Co-Parenting Shared Expense Tracking Spreadsheets, Templates and Expert Advice

Raising children after a divorce can be challenging – and managing expenses can be overwhelming. Co-parenting expense tracking helps manage costs and minimize conflict. Explore expert tips and free templates to choose a system that works for everyone.

Inside this article:


Sharing Expenses With Your Co-Parent

Sharing childcare costs is an important part of co-parenting. To avoid problems, co-parents should agree on a straightforward way to track expenses. A robust, transparent tracking system will reduce conflict and help the entire family.

Jennifer Warren Medwin, MS, CDC, specializing in people contemplating divorce or hoping to save their marriage“There are many different aspects to co-parenting. Keeping track of expenses is just part of the puzzle,” notes Jennifer Warren Medwin, MS, CDC, and Florida Supreme Court Certified Family Mediator.

“Money can create tension in even the most peaceful relationships,” Medwin says. “Co-parents must approach expense tracking and sharing mindfully. First, they'll need to set up an environment, either alone or with outside help, that fosters open communication and flexible thinking. Starting off with the right tracking system can be beneficial for everyone because it minimizes potential conflicts over finances.”

Typically, co-parenting shared expenses include all expenses outside of your court-agreed child support. These expenses include a child’s medical bills, school fees, extracurricular activities, and other costs beyond basic food and clothing.

Elizabeth Burchell, family law attorney at Busciglio, Sheridan & Schoeb in Tampa, Florida. “There are essentially four big ‘shared expense’ buckets,” says Elizabeth Burchell, family attorney at Busciglio, Sheridan & Schoeb and children’s book author. Elizabeth also represents children as a guardian ad litem, and volunteers at her non-profit, Chicktime Tampa, for teens in foster care. “The larger shared expenses we see in parenting plans are (1) uncovered medical expenses, (2) extracurriculars, (3) educational expenses, or (4) child daycare.”

Burchell says both co-parents are responsible for day-to-day expenses while the child is in their care. But, when a shared expense arises, the co-parents must decide mutually, based on the parenting plan.

“There’s a lot of room for misunderstandings when it comes to these shared expenses, and that can lead to additional litigation for the family,” Burchell says. “So, a solid tracking plan detailed in the parenting plan in the first place will reduce conflict in the future.”

After settling on a list of shared expenses, the next step is establishing a method for tracking expenses and payments.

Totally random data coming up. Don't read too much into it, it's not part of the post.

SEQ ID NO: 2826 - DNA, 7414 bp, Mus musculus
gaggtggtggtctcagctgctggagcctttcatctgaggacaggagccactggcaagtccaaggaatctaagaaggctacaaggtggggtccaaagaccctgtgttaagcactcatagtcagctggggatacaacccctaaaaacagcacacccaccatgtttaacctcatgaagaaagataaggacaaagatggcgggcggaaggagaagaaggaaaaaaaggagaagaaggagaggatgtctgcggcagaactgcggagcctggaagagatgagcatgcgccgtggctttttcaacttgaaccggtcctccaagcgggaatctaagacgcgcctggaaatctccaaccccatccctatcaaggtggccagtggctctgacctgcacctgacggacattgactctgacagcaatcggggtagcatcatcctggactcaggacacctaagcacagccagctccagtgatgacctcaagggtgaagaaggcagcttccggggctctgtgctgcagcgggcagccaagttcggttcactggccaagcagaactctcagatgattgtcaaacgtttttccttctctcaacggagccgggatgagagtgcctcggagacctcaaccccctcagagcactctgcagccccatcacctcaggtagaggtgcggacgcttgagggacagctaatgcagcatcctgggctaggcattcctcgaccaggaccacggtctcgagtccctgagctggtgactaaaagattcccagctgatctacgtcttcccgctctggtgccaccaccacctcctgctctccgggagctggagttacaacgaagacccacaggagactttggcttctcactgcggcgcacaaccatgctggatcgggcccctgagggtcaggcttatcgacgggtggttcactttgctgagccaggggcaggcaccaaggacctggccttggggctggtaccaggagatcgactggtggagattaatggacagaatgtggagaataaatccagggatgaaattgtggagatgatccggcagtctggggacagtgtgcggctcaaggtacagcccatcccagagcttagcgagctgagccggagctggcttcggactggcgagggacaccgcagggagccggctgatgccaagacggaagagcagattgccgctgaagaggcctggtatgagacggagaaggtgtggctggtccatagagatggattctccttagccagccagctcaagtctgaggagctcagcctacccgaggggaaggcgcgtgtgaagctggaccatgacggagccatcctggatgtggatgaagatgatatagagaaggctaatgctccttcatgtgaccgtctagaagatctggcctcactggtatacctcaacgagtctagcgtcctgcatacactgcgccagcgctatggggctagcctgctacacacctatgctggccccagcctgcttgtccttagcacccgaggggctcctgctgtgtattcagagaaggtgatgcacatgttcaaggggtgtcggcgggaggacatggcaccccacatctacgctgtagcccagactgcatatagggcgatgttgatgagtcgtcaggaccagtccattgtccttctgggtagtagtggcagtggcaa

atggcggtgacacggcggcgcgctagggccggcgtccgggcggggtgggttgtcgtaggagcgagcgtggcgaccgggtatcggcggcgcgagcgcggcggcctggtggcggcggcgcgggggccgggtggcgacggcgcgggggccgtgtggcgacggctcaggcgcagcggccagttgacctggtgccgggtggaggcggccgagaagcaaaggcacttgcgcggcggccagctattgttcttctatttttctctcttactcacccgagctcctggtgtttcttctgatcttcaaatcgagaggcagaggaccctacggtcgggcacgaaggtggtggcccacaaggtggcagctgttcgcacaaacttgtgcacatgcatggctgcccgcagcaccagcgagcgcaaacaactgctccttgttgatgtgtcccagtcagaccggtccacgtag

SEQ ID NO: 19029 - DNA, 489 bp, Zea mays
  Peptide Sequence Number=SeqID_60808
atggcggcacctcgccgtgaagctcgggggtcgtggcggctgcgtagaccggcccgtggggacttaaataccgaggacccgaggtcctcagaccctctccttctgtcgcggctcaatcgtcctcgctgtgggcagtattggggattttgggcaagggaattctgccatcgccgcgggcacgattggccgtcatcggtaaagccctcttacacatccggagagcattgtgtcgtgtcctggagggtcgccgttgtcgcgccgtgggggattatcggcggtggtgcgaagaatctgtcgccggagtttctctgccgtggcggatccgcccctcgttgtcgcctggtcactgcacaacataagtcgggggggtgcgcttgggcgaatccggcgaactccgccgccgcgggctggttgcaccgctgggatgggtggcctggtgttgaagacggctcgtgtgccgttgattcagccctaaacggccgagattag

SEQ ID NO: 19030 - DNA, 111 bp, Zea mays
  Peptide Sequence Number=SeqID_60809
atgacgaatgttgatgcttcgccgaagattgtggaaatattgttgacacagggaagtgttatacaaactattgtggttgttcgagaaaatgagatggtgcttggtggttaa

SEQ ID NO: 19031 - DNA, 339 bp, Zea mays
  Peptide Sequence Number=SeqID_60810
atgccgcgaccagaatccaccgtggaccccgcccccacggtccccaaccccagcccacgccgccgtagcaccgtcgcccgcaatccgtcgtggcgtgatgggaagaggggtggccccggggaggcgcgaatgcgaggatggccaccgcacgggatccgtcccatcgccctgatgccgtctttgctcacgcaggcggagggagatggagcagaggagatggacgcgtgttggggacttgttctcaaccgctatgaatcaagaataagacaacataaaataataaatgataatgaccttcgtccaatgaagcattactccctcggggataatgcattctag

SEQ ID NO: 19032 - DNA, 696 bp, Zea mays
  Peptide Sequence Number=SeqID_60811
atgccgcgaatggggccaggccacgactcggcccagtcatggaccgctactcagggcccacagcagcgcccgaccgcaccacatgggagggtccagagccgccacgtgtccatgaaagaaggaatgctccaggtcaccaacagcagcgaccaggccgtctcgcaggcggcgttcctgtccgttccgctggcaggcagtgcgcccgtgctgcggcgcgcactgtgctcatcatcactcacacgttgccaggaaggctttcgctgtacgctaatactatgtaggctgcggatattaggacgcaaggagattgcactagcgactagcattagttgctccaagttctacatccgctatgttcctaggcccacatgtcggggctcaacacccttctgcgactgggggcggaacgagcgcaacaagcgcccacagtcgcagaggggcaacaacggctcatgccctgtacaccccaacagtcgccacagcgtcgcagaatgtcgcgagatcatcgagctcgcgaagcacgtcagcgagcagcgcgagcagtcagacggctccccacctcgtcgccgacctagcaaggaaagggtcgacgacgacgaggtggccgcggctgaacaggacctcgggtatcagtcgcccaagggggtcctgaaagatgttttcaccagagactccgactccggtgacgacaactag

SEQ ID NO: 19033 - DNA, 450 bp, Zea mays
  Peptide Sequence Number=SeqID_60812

Experts recommend that co-parents review tracking options carefully and discuss the pros and cons. Then, they should find a suitable method that minimizes conflict, helps shield children from financial stress and even avoid the need for future court appearances.

Jon Stief, family law attorney, mediator and forensic accountant “It’s a cost-benefit analysis,” says Jon Stief, a family law attorney, mediator, forensic accountant and consultant. Jon has worked with thousands of clients, families and other family law professionals to resolve issues. “If a co-parent feels they have a claim for unpaid expenses, and they haven’t had a system in place, then they might spend a lot of money substantiating the monies owed, including the cost of a lawyer or accountant.”

Stief adds: “Most methods fail without a system. Co-parents should be particularly cautious around sensitive issues like money. If it was easy to communicate, then many co-parents could avoid family law litigation. The evidence tells us communication is not easy, particularly around financial issues. But solid, structured expense tracking systems can make the process straightforward and eliminate potential miscommunication that could skyrocket into serious conflicts.”

Experts agree that establishing a structured and transparent expense tracking system can be critically important. However, tracking methods vary, and using a system that both co-parents understand and like is crucial.

“A system that works well for one co-parent can overwhelm the other,” says Burchell. “For example, one co-parent might love a spreadsheet. And that could completely overwhelm the other.”

The more simplified and structured the plans, the more likely each co-parent will be on board.

“Both co-parents need to be mindful of the way the other co-parent processes and receives financial information,” Burchell says.


Woman uses a calculator while calculating bills and taxes

Options to Help Co-Parents Manage Shared Expenses

Co-parents can manage their shared expenses in various ways. For example, you can open a joint bank account for shared expenses. Many co-parents find that a co-parenting app with expense tracking is the best, most transparent way to track and manage costs.

Different tracking systems suit different types of co-parenting situations. Experts recommend that co-parents honestly assess their relationships, especially since money can strain even the healthiest relationship.

Tiffany D. Thompson-Disler, family law attorney, mediator, parenting coordinator, and guardian ad litemTiffany D. Thompson-Disler, a family law attorney, recommends that co-parents take a broad view of their relationship before diving into the details. These conversations will help co-parents assess each tracking system as it pertains to them.